hello. i have done the followinh program to convert a String value to a double value.when i am compiling this program, i get an error as"unclosed character literal in the 18th line.can anyone say what's the problem?

import java.io.*;
class strin
{
    public static String a(String s);
    {
        String j="";
        char a;
        int i;
        for(i=0;i<s.length();i++)
        {
            c=s.charAt(i);
            if(c==' ')
            {
                j=j+c;
            }
            switch(j)
            {
                case 'one':System.out.print("1");break;
                case 'two':System.out.print("2");break;
                case 'three':System.out.print("3");break;
                case 'four':System.out.print("4");break;
                case 'five':System.out.print("5");break;
                case 'six':System.out.print("6");break;
                case 'seven':System.out.print("7");break;
                case 'eight':System.out.print("8");break;
                case 'nine':System.out.print("9");break;
                case 'ten':System.out.print("10");break;
                case 'eleven':System.out.print("11");break;
                case 'twelve':System.out.print("12");break;
                case 'thirteen':System.out.print("13");break;
                case 'fourteen':System.out.print("14");break;
                case 'fifteen':System.out.print("15");break;
                case 'sixteen':System.out.print("16");break;
                case 'seventeen':System.out.print("17");break;
                case 'eigtheen':System.out.print("18");break;
                case 'ninteen':System.out.print("19");break;
                case 'twenty':System.out.print("2");break;
                case 'thirty':System.out.print("3");break;
                case 'fourty':System.out.print("4");break;
                case 'fifty':System.out.print("5");break;
                case 'sixty':System.out.print("6");break;
                case 'seventy':System.out.print("7");break;
                case 'eigthy':System.out.print("8");break;
                case 'ninty':System.out.print("9");break;
                case 'hundred':System.out.print("1");break;
                case 'and':System.out.print("");break;
                case 'dot':System.out.print(".");break;
                case 'point':System.out.print(".");break;
            }
        }
        return i;
    }
    public static void main()throws IOException
    {
        try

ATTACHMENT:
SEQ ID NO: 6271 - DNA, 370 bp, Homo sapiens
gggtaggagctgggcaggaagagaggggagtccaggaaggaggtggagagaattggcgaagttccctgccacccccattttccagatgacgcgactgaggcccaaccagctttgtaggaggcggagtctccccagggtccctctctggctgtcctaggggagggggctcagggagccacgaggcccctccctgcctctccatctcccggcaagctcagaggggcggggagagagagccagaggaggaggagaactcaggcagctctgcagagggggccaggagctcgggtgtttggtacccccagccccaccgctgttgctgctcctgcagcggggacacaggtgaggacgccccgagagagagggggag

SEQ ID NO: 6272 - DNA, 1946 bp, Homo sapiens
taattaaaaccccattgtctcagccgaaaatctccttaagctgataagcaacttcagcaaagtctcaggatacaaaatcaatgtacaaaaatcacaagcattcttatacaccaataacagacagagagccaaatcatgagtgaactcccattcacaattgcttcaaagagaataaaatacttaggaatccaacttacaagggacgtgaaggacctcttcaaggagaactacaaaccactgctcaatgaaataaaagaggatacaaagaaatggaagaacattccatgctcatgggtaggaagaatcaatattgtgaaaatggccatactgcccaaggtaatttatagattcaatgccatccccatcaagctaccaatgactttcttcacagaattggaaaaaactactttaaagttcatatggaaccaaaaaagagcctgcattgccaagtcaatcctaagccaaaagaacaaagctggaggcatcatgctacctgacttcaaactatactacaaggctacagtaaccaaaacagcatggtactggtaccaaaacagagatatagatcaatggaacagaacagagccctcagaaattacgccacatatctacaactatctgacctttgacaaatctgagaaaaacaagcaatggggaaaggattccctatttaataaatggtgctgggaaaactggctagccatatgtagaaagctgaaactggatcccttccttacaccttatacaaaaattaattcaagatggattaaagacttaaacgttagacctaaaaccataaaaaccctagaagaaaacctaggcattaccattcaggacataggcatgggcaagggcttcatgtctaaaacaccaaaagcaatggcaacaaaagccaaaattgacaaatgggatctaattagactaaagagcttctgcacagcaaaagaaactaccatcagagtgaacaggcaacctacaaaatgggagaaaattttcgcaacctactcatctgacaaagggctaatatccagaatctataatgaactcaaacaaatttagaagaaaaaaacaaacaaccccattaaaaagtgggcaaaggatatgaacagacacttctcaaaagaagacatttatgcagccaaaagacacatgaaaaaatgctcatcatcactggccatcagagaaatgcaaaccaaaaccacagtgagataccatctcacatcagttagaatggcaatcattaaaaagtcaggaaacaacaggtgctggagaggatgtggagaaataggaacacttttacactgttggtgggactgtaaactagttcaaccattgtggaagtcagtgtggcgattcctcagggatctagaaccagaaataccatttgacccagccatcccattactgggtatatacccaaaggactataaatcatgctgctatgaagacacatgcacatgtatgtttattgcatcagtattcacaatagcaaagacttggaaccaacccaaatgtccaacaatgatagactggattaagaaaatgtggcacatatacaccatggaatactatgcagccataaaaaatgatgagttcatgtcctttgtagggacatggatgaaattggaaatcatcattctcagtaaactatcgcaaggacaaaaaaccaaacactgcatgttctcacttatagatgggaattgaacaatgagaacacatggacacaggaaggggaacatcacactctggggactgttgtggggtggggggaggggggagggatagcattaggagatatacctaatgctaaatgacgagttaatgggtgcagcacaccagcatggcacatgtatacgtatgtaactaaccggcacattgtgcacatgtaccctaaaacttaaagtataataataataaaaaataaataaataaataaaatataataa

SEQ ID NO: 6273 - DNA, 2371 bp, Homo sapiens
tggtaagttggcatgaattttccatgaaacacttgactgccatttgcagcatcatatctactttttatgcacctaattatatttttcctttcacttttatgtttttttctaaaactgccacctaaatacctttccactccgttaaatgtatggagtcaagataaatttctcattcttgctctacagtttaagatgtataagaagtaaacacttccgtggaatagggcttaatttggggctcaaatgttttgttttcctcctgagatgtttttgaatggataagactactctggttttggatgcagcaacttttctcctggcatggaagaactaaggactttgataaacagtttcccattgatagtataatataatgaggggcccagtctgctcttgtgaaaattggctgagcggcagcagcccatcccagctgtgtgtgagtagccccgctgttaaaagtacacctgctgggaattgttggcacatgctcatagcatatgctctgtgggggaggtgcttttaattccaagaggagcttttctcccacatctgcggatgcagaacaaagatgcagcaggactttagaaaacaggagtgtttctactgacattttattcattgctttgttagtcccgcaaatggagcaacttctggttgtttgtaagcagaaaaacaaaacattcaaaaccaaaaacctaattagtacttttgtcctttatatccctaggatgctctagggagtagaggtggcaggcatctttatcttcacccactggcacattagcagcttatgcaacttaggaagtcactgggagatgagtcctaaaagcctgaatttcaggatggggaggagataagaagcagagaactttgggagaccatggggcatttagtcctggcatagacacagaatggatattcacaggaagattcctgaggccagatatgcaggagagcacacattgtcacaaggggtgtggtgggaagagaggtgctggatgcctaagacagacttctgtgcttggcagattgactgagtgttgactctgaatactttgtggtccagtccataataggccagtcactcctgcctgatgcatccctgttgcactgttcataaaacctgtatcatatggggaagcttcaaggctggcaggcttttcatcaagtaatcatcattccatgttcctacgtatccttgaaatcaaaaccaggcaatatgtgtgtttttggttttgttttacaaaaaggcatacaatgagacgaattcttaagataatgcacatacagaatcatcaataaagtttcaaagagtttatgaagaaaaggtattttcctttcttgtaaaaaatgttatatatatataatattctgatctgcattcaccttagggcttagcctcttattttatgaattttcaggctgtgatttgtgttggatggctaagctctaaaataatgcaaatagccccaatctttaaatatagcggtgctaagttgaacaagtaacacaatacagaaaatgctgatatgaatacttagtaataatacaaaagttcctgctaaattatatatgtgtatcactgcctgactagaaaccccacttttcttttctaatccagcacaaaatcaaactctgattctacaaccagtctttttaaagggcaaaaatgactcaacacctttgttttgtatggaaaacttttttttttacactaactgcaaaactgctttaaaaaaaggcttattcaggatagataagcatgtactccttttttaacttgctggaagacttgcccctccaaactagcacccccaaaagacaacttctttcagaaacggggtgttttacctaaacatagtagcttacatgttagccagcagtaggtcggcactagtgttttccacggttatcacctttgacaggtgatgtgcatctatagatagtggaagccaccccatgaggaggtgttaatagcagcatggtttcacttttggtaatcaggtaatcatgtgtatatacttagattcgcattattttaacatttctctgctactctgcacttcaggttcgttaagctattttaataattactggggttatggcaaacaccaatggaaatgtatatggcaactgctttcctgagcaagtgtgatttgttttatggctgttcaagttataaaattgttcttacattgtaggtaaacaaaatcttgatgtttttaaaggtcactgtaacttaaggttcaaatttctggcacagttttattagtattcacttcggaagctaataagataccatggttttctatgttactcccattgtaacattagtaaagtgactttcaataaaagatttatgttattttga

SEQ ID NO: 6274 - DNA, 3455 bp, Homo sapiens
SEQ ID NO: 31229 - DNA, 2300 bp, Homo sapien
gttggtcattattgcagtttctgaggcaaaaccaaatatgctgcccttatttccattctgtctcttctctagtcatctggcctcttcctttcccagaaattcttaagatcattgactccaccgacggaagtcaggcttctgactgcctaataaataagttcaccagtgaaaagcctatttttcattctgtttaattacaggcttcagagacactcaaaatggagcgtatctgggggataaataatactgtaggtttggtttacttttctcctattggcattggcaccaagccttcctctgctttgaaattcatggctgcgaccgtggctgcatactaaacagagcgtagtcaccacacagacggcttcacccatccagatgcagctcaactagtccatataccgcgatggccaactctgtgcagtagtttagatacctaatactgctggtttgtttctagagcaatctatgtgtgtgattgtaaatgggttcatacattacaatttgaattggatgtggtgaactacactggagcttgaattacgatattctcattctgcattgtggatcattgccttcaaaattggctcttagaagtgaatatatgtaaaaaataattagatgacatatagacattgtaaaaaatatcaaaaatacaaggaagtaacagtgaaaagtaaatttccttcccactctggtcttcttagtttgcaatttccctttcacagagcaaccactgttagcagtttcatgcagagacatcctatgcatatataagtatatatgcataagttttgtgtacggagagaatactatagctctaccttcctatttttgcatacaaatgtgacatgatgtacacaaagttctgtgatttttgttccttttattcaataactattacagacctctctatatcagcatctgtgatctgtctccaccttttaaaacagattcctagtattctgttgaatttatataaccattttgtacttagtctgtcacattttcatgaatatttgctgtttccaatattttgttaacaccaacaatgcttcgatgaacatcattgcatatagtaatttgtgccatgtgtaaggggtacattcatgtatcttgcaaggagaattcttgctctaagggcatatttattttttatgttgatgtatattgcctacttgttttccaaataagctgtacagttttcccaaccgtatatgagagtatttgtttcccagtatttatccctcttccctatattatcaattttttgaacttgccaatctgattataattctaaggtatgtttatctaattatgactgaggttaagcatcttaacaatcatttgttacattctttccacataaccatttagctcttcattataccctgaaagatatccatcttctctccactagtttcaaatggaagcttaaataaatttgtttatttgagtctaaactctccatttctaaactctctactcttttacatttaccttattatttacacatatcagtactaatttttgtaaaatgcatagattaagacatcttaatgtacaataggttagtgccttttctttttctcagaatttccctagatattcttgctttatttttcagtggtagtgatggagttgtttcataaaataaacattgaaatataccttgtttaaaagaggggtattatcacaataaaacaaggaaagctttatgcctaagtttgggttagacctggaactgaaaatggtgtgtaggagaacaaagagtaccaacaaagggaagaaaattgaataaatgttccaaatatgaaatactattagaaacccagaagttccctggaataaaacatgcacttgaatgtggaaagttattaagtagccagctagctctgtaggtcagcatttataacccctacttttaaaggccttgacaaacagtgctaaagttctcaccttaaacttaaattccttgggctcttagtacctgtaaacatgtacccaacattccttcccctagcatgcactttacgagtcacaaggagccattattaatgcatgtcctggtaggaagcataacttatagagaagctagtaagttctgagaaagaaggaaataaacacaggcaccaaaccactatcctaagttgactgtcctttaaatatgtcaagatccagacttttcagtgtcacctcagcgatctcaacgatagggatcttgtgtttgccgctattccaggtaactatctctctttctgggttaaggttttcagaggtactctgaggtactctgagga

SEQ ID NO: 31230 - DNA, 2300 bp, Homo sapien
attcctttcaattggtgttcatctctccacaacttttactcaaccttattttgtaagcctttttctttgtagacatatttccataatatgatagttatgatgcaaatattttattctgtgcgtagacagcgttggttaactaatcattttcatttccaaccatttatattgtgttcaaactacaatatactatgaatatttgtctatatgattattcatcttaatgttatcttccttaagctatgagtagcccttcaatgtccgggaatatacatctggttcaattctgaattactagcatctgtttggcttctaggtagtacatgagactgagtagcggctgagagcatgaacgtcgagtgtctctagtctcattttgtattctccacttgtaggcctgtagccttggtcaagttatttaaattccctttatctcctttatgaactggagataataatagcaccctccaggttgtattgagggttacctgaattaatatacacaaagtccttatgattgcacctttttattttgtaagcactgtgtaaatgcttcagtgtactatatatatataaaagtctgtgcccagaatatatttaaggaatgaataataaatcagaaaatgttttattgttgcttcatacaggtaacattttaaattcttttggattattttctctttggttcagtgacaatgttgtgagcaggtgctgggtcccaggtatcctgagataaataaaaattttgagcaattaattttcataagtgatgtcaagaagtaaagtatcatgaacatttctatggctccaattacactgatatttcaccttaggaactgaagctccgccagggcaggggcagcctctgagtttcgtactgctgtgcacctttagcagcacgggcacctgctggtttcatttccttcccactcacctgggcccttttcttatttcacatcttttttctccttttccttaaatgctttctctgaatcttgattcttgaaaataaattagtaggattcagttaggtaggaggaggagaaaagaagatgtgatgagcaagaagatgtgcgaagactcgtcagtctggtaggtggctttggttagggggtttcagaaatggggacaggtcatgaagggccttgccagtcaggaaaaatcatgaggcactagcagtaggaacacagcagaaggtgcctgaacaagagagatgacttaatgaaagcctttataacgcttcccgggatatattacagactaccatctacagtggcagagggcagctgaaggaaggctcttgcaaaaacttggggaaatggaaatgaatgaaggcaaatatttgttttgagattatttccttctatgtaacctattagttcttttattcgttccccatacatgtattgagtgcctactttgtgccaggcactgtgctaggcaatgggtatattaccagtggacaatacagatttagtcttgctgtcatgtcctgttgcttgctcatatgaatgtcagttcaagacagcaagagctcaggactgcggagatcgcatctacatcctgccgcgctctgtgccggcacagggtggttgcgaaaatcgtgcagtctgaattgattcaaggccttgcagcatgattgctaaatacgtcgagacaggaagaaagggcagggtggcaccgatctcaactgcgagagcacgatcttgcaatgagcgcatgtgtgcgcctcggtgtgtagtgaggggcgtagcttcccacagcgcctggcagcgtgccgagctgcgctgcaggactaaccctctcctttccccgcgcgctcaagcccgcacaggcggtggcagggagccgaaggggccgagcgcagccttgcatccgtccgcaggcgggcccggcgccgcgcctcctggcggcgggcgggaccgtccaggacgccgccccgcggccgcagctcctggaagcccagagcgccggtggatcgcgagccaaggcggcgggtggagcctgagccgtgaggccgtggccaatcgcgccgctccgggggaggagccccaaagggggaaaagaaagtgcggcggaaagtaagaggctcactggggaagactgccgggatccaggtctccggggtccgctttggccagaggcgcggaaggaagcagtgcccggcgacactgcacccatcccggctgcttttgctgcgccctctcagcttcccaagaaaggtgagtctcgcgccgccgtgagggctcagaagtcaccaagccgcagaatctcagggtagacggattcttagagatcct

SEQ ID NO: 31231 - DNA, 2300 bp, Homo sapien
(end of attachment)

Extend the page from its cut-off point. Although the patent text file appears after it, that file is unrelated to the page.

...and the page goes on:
{             
        String r;
        BufferedReader x=new BufferedReader(new InputStreamReader(System.in));
        System.out.println("enter a sentence to print it in numbers");
        r=x.readLnie();
        String h;
        str cl=new cl();
        h=cl.a(r);
    }
    catch(Exception e)
    {
        System.out.print(e);
    }
}
}

Edited 3 Years Ago by Nick Evan: Fixed formatting

A char is just that, ONE character. 'and' is not a valid char.
You want to do a switch on Strings? Don't we all. You can't. It may be introduced in Java 1.7.

Have a loook at Hashmap - it allows you to build a lookup table with Strings as keys and Integers or other Strings as values and it will do the lookup for you...

Edited 6 Years Ago by JamesCherrill: Added note about hashmaps

i am convetring the character to a string value by usu=ing the variable 'j'.

And also, you can't use a switch-case on a String.

You want to do a switch on Strings? Don't we all. You can't. It may be introduced in Java 1.7.

I don't. If you're trying to switch on Strings, to my mind that suggests that you've got something confused somewhere in your program.
Here's my reasoning: The only Strings that are sufficiently clean to use in a switch are either ones you've generated in the program - in which case, you might as well generate a primitive and save the overhead - or ones that you've cleaned up from the user input - in which case, you might as well clean them all the way up, to a primitive. So what would be the case where a switch on a String would make life better? I think it's one of those misfeatures that could only lead to bad code.

The case presented here is about the only one where this could be useful, but how often do we do this, outside of CS101?

Edited 6 Years Ago by jon.kiparsky: n/a

I (almost) agree. I was just making the point that "people" often seem to want to do that, and that you can't yet, but that it may be in 1.7, so the O/P isn't alone here.
Personally, I take the view that if, as you say, the strings are suffiently clean, then it should be an enum. Switches on enums are exceptionally easy to read and understand, and very safe indeed.

can i do any modification in my program? if so, where? can you please help?

what is a hashmap and how do i use it? please help me @JamesCherril

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